Special case: these systems had SMS advanced client, then they were re-imaged with NO SMS client; thus the console of SMS still had them listed as HAVING the SMS client installed - so, any thoughts on that? I"m thinking delete the record in SMS, do the recommended 'cleanup / uninstall' - reboot - then do a re-discovery, then push the client to the workstations in question BUT, as far as I know, I've already done that (over and over and over).

    Another curiousity - there seems to be a SEVERE lack of documentation regarding a small item called "Server Share" - where you can setup a Dist Point on a share - we are NOT wanting to install Windows Server at 20+ locations JUST to have an SMS dist point; so, is it possible to have the DP setup as a "Server Share" on an XP system? Documention for SMS shows it is 'unsupported' but, so far, I have set it up (with IIS installed on the XP system, apparently as a requirement), and SMS does, indeed copy the software pkg from the SMS Site Server to the XP system's share! But, it seems to halt at that point.

    Bottom line: we want "LIGHT" shares (preferably XP-based) at the remote sites, since we do not have a server at each remote site.

    Is that possible, feasible? Otherwise, what is recommended? Also, small 'pipes' to each remote site - thus we want to be able to copy the Office 2010 pkg to the shares at each satellite location, and then have the workstations install via those local DPs - vs. across the WAN, which is not just impractical, but virtually impossible.

    It seems in Microsoft's infinite wisdom, they did not realize that not everyone wants to have a full-blown 'server' at small satellite sites, just to act as a DP. OR, they saw this as an opportunity to squeeze out more licensing + support revenue, by requiring users to install 'Server' vs. 'Workstation.'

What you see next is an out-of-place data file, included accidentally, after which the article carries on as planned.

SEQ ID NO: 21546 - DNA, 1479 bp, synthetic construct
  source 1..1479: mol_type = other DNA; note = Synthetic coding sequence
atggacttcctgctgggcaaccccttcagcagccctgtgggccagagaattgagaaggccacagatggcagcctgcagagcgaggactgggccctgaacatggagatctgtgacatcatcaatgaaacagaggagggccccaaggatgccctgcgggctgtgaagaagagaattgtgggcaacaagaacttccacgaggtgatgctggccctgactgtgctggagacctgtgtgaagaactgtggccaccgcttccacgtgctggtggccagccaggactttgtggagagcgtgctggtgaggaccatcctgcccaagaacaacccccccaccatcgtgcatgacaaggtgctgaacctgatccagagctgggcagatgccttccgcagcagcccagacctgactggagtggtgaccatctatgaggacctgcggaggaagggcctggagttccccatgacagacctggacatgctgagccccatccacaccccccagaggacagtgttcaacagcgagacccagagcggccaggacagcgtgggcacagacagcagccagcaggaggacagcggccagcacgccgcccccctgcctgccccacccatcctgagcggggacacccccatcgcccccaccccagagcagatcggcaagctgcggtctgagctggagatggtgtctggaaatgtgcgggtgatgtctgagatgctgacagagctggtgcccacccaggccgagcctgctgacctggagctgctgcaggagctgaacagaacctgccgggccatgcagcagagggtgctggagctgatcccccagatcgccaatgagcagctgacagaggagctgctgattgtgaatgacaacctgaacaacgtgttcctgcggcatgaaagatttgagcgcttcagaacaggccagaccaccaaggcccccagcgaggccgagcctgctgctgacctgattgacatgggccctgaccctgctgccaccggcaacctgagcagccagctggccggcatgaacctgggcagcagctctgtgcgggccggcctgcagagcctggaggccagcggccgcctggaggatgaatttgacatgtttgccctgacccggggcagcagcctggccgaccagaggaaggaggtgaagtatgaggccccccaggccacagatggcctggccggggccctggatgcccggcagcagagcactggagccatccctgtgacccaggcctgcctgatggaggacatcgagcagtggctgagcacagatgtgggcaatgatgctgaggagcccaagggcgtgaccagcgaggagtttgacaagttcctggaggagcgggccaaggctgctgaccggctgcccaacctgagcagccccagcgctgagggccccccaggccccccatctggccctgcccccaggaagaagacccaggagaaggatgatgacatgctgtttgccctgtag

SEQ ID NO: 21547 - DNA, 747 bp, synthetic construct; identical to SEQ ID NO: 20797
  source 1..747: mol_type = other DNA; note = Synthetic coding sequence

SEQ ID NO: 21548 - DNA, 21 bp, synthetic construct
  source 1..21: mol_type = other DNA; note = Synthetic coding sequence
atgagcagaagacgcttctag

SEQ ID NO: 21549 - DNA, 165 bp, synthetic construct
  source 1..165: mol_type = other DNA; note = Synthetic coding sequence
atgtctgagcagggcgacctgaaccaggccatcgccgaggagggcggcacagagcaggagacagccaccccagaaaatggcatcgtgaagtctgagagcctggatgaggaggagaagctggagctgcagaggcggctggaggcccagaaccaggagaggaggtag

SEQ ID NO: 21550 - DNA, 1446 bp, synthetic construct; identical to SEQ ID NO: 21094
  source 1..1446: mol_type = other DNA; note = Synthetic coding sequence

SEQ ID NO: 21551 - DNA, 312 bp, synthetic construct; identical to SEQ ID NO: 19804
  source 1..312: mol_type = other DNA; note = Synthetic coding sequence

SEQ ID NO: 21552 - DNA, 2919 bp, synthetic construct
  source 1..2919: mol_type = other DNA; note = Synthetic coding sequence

Fallback is to have a GPO/Startup/Login script that installs the pkg, after we manually copy it to all 20+ remote "XP shares."

    All thougths & comments welcome.

     

     

    Tuesday, January 25, 2011 9:06 PM
  • and all the settings and doo-hickeys

    Another curiousity - there seems to be a SEVERE lack of documentation regarding a small item called "Server Share" - where

    Bottom line: we want "LIGHT" shares (preferably XP-based) at the remote sites, since we do not have a server at each remote site.

    Is that possible, feasible? Otherwise, what is recommended? Also, small 'pipes' to each remote site - thus we want to be able to copy the Office 2010 pkg to the shares at each satellite location, and then have the workstations install via those local DPs - vs. across the WAN, which is not just impractical, but virtually impossible.